Friday, February 27, 2009

A Blog Worth Visiting...

I don't have much time to post today, but I did manage to read the new entries in all of the blogs that I follow on a daily basis. Lately, I have been getting a lot of good information from Brad at Rich Heritage. I have been reading his posts about raising quail as a hobby and for meat. If you haven't had the opportunity to check him out, I highly recommend that you do!

Monday, February 23, 2009

The Local Habitat Revisited

We went back to the local Habitat Re-Store again today. We are going to try to go every Monday on my lunch hour. We scored again, spending only $15, but some of what we picked up will NEVER be used to build a chicken pen or a raised bed. We got several pieces of maple lumber. I'm not sure what we will use it for, but there was no way that we were going to leave that in the store! It wasn't of the quality that I would want to use for shelves in my house, but maybe it could be used to build outdoor benches? I don't really know. I am open to any ideas that you all might have. Each board is about 4 feet long and 8 inches wide.They are really heavy. I guess I'm used to the weight of similar sized pieces of pine.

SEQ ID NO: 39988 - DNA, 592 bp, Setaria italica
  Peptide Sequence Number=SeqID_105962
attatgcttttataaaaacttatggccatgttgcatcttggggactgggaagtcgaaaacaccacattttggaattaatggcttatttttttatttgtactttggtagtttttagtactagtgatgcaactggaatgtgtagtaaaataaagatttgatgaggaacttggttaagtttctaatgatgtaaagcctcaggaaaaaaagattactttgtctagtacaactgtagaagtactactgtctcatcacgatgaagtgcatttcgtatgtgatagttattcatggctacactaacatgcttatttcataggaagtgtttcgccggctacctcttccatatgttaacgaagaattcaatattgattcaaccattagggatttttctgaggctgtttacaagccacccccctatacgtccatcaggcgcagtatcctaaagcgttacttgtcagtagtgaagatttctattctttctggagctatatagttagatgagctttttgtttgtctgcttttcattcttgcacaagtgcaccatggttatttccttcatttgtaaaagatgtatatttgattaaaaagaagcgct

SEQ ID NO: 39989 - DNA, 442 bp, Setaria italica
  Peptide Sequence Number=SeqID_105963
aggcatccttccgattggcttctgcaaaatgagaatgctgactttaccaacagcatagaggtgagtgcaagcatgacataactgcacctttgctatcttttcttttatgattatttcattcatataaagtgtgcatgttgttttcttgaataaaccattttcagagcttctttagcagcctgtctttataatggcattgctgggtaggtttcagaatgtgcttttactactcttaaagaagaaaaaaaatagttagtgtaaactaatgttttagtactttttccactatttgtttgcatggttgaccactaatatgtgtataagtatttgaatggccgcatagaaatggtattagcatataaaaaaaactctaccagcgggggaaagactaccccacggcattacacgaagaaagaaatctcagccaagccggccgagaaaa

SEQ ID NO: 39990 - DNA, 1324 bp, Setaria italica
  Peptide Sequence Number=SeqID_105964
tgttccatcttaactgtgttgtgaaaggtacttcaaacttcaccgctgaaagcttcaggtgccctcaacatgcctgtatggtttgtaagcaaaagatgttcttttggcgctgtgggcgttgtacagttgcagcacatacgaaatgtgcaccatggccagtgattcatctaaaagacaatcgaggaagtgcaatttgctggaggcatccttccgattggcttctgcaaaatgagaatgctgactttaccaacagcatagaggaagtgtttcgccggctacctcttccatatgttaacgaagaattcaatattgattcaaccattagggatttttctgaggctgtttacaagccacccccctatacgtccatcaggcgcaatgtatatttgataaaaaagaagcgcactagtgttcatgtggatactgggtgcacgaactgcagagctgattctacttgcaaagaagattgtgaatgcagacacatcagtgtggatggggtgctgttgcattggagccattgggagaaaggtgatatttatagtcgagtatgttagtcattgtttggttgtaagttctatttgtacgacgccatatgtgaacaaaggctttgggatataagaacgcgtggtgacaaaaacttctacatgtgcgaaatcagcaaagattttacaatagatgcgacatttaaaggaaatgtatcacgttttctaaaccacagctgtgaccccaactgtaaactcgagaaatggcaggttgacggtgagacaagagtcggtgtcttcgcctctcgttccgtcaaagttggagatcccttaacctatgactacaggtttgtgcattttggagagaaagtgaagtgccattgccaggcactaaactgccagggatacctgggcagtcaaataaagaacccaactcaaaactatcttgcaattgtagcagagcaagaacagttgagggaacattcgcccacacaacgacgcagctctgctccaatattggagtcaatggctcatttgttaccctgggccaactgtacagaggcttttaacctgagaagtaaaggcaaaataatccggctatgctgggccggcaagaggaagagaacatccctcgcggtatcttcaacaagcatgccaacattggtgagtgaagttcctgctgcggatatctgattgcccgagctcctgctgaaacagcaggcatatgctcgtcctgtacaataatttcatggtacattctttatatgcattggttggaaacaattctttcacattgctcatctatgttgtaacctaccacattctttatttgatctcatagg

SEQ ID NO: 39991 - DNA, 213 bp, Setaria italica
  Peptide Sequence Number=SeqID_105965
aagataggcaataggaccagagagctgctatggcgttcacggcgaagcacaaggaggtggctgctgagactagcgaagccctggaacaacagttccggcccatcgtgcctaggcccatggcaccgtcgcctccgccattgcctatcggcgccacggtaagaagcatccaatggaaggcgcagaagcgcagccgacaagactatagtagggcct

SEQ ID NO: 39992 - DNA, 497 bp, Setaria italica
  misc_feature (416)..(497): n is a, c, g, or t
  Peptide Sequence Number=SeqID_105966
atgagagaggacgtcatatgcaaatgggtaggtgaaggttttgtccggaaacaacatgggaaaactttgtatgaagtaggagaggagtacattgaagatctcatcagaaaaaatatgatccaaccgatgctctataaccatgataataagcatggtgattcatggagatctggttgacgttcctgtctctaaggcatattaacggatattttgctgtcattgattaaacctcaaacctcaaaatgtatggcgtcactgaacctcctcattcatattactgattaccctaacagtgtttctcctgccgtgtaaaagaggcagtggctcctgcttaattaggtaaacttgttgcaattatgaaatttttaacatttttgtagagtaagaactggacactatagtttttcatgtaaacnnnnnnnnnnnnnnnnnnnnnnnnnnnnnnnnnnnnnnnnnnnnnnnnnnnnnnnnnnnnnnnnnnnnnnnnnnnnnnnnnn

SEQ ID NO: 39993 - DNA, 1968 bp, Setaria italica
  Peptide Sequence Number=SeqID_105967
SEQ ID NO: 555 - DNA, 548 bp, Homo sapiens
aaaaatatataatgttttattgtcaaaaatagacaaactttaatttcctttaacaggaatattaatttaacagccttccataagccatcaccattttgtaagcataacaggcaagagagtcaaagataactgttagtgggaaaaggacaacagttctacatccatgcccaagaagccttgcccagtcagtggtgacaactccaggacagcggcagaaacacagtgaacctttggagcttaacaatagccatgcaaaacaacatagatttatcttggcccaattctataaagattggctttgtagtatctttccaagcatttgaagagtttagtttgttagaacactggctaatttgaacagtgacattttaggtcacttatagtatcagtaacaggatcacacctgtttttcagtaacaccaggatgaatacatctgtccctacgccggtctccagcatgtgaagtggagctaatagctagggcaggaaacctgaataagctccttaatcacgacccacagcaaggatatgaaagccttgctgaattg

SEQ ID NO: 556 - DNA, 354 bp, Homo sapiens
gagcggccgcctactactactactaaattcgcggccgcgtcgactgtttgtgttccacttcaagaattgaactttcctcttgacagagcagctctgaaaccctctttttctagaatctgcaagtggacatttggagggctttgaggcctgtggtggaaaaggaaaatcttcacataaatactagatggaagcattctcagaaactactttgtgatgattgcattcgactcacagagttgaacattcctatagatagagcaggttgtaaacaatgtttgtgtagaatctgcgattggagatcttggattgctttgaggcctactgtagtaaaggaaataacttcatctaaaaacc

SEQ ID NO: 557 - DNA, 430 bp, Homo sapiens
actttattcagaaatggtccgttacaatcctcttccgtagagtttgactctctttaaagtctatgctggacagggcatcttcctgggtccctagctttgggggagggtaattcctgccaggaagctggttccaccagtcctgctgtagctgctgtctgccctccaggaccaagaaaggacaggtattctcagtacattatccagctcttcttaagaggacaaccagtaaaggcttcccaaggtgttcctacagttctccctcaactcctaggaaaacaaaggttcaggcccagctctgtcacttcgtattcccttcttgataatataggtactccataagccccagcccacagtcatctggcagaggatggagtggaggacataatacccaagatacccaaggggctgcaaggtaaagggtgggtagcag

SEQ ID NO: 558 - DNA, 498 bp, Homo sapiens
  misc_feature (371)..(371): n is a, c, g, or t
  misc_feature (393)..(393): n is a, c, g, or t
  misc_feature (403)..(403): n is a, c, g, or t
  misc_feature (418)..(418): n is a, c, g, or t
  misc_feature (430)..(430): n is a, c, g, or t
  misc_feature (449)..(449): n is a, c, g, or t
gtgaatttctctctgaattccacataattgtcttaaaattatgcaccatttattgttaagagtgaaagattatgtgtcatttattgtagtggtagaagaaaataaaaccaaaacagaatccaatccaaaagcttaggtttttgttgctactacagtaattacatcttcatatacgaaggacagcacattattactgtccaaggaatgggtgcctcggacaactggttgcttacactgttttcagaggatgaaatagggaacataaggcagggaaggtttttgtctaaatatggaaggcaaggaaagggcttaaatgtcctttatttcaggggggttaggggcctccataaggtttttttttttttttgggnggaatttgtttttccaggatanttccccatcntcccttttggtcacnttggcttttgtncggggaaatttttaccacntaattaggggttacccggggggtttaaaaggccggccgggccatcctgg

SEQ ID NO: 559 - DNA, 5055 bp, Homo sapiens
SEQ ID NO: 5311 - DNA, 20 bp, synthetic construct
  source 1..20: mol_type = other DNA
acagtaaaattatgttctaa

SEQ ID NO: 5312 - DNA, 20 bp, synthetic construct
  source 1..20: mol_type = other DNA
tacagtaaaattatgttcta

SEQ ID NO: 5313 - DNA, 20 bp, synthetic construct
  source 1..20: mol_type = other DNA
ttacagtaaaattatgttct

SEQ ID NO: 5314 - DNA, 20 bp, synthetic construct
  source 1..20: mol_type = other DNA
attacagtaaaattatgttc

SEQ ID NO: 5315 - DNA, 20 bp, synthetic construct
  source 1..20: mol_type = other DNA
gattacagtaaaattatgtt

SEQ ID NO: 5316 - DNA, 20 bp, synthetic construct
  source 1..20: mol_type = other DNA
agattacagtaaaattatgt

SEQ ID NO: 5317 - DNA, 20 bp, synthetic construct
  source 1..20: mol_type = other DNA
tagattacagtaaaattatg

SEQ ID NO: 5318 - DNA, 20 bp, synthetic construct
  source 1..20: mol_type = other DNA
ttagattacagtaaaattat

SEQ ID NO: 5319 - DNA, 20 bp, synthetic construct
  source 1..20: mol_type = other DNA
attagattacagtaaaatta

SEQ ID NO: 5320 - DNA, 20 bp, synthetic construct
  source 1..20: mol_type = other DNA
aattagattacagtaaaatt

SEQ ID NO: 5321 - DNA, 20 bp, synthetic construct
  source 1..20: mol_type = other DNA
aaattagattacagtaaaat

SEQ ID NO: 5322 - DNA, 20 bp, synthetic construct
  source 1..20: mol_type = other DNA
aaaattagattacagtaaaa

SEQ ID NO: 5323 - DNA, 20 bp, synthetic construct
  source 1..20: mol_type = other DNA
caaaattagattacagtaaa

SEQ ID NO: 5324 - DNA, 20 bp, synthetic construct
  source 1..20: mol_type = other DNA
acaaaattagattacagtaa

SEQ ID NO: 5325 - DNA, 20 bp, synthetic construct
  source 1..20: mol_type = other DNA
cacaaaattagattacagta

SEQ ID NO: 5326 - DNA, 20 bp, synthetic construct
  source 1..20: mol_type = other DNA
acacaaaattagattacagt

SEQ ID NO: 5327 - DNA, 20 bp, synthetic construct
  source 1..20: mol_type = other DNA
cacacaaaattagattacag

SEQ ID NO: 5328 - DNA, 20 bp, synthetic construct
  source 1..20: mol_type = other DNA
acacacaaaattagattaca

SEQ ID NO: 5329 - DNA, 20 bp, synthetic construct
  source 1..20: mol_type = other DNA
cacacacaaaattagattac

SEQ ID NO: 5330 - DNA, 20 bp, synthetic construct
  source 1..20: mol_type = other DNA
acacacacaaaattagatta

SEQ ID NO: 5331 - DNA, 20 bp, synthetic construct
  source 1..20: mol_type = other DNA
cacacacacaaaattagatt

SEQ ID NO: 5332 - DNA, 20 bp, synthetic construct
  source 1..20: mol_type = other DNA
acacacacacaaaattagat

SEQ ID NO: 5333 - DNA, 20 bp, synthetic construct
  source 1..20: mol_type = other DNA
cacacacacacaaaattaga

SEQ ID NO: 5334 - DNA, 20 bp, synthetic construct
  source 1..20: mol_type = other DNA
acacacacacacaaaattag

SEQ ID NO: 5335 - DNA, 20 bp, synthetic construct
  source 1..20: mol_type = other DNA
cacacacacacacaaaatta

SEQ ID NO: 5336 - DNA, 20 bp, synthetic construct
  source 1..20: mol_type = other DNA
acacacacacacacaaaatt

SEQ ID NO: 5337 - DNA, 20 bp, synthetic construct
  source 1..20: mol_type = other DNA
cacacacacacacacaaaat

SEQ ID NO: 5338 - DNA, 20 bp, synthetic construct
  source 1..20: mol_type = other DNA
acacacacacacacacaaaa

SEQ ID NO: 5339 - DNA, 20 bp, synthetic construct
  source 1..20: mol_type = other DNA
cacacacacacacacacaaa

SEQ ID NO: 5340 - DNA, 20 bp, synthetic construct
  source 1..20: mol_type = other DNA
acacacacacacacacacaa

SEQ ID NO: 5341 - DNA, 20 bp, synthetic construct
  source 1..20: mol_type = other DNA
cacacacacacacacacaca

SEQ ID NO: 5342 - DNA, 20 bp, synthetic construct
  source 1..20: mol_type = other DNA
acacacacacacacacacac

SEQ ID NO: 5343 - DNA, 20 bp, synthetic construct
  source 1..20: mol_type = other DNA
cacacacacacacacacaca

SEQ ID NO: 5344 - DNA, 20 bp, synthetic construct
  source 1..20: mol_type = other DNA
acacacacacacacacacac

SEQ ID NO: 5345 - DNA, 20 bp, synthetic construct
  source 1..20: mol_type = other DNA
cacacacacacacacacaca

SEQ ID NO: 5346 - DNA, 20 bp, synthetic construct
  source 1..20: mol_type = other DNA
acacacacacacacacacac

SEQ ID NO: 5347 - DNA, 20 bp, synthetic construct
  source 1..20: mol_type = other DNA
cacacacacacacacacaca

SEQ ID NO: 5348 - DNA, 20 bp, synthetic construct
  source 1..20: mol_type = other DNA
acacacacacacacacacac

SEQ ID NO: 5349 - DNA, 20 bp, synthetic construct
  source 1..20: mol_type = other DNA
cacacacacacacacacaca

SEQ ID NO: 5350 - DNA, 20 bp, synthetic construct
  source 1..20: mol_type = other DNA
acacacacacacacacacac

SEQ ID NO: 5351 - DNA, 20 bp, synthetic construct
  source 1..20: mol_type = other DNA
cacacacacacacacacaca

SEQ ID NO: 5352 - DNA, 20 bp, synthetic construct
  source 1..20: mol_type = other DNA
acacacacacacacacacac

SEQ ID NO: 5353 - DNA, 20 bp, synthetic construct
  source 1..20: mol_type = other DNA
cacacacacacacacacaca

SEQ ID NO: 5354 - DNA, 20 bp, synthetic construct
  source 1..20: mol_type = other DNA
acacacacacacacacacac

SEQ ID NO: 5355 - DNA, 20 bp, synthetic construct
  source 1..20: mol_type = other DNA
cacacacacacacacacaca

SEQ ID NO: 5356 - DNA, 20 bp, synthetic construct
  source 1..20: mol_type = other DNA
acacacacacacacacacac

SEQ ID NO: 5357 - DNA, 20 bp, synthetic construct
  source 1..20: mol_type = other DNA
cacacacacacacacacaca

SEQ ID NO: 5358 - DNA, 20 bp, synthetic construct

Thursday, February 19, 2009

The Worms Crawl In...The Worms Crawl Out...

I have spent the last week doing a lot of pesky little items to get things ready so we can hit the ground running when the weather finally breaks. I did some baking which added to the eggshell stash. I started herb seeds on Saturday and shared my trip to the Habitat For Humanity Re-Store with everyone a few days ago.

I also picked up the necessary items to create a worm composter. So... yesterday was the day to put that project together. I had planned to wait until we were a little closer to Spring, but I have an issue with the amount of food that we waste in our house. No matter how hard we try, we still have some food trash each week. We don't have a dog,a cat, or a chicken to eat the scraps, so they go into the trash. I am really hoping that the worms don't smell atrocious in the house as they do their work. (Otherwise, I'll have a lot of explainin' to do to The MartianMan until they can go outside!) I will also have to place an order for the worms. Hopefully, I will receive them by next week. I found the directions for building the composter here: